“It’s an odd career for a priest, because you usually think of somebody in a parish or in a monastery; you don’t think of a priest as someone who works out in the world,” said Brauninger, who earned his nursing degree in 2010. “It’s hard for some people to comprehend someone in the working world living out vows of poverty, chastity and obedience. It’s so counter-cultural. So it’s good for me to be able to explain it, that this life is possible and worth living.”
Despite the strong pull of ecclesiastical life, something else was pulling Brauninger even harder during his teenage and early adult years. At 14, he began training as a “junior fireman” for his local Volunteer Fire Department, eventually majoring in Fire Science Engineering at Eastern Kentucky University (EKU) and working as a firefighter during his summer breaks.
Although convinced that firefighting would be his life’s work, Brauninger sensed a shift in his vocational direction as a college senior. His peers at EKU’s Catholic parish kept telling him what a great priest he would make.
“I kept getting this calling of, ‘Why don’t you try to be a priest?’” says Brauninger. “I found the Jesuits on the Internet and I immediately felt comfortable,” he said. “The Jesuits allow you to use your gifts and your talents, but they are also clear that they’re going to challenge you.”
In August 2005 he entered St. Charles College’s Jesuit Novitiate in Grand Coteau.
Brauninger then went on to study philosophy, theology, and earn his R.N. in an accelerated program at St. Louis University. After graduation, he moved to Denver, where he applied for – and attained – his “dream” ministry: working the graveyard shift in a Denver hospital’s emergency department.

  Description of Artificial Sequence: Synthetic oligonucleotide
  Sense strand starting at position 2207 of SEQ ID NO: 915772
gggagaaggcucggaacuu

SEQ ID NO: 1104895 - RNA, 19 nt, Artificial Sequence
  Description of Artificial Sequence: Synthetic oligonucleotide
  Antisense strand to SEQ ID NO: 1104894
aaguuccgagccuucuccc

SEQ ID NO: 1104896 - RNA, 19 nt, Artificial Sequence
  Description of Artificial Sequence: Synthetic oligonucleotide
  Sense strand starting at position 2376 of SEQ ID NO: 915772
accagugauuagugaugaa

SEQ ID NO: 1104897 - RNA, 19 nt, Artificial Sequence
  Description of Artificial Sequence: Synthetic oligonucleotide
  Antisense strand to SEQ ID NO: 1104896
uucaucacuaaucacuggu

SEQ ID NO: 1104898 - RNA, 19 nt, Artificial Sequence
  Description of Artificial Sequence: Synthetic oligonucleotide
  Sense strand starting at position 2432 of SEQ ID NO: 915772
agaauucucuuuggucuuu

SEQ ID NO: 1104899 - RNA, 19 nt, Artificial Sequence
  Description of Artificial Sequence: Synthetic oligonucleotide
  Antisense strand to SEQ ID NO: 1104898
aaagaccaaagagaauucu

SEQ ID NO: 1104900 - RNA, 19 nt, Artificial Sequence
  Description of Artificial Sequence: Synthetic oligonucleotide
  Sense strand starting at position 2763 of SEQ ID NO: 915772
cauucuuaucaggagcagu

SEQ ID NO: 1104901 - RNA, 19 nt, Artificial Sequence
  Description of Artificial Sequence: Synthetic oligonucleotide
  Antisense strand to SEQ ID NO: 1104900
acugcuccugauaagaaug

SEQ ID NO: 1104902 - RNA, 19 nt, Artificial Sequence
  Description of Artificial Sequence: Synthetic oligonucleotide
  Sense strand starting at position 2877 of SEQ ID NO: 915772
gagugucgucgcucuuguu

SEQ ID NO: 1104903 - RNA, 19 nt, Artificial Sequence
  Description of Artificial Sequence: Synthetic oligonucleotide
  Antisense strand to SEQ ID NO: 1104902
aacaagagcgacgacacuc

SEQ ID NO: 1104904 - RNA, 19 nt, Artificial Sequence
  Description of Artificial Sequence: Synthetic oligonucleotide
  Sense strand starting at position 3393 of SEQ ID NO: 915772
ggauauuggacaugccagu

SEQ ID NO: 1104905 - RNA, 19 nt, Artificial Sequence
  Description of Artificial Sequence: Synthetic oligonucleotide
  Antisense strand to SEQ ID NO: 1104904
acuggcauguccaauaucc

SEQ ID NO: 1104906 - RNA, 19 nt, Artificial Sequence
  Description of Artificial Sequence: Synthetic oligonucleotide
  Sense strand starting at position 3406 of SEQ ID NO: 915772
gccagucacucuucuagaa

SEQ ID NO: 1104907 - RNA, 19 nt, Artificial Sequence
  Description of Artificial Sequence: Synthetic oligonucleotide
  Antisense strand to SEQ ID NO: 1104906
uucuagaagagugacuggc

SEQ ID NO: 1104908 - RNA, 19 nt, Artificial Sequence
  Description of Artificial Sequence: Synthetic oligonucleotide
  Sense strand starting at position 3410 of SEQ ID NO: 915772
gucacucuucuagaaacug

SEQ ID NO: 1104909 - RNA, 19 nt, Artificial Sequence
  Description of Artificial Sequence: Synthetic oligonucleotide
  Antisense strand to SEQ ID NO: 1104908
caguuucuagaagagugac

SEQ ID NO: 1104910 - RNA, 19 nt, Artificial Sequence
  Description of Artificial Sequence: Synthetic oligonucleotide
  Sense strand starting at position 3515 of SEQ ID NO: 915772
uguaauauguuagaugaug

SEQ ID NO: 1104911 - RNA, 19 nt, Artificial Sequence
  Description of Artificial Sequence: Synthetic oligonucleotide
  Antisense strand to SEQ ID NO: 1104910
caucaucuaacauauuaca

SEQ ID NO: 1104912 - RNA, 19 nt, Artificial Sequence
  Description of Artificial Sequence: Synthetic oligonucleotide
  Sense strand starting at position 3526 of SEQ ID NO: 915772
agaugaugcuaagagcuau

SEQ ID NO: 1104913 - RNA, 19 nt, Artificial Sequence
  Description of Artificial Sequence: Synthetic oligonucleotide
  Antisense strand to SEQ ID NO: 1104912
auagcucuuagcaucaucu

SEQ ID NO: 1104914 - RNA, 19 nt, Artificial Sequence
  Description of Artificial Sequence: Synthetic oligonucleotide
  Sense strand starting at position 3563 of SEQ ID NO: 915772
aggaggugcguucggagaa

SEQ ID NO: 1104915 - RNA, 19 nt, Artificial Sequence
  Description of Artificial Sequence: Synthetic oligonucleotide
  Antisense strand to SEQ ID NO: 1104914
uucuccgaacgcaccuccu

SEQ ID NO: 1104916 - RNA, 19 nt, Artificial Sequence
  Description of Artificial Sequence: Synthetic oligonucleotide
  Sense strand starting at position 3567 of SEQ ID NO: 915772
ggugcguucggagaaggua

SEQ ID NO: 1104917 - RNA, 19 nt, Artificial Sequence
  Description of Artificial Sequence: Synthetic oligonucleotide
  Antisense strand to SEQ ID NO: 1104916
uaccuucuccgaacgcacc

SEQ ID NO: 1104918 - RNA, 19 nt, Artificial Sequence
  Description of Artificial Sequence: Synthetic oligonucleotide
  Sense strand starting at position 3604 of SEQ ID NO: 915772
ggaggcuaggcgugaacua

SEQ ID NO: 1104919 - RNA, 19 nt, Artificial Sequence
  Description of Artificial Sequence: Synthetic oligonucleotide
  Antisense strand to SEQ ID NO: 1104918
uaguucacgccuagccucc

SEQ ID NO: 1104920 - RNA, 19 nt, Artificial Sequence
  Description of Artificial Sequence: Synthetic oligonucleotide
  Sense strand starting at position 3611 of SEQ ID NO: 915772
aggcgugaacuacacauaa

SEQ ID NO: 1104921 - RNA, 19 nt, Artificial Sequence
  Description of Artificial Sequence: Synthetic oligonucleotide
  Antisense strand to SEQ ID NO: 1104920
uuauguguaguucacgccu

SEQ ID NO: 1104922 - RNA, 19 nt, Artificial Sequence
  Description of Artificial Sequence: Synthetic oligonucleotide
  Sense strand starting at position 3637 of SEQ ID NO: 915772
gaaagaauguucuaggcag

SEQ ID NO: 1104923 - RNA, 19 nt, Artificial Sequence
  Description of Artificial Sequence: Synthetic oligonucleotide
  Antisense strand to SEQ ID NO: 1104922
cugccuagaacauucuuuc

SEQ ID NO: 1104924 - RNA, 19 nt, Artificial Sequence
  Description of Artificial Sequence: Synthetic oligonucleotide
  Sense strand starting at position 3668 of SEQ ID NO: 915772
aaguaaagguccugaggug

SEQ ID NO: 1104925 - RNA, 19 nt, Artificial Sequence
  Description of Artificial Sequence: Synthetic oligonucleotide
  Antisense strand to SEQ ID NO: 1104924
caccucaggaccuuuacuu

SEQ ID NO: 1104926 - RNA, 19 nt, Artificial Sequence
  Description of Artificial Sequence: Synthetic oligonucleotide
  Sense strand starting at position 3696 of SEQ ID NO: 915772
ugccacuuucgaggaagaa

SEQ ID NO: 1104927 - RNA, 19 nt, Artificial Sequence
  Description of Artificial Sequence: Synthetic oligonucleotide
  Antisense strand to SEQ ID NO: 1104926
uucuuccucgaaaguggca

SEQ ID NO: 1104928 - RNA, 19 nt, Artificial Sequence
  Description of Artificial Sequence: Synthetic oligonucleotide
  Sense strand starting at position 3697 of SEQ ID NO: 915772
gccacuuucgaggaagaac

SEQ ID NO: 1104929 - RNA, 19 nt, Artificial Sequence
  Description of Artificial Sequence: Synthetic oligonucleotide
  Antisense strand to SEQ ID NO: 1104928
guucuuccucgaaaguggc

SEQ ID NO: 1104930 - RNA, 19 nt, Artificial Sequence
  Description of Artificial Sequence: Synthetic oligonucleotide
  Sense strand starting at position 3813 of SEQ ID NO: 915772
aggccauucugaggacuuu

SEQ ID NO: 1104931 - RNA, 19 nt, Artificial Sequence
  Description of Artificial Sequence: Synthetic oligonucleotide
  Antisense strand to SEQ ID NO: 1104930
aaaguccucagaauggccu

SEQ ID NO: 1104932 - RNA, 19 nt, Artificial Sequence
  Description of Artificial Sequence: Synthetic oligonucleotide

“I find Christ easily in the sick and injured,” said Brauninger, recalling Blessed Teresa of Calcutta’s observation of how Christ sometimes is found in “the disguised.”
Brauninger makes himself available to his coworkers when they ask for spiritual support and is also bolstered by The Examen, the twice-a-day regimen of Ignatian prayer in which the faithful express gratitude for the day’s gifts, ask the Holy Spirit for guidance, listen for Christ’s teachings and talk to Jesus.
“In the hospital we see people during a time of great distress, and that’s who Christ came to serve. That’s the Christ you see in the Gospel – he is always with the sick,” he said. “The ministry we strive to carry on is the healing ministry of Christ, and I feel that’s what I do in health care.”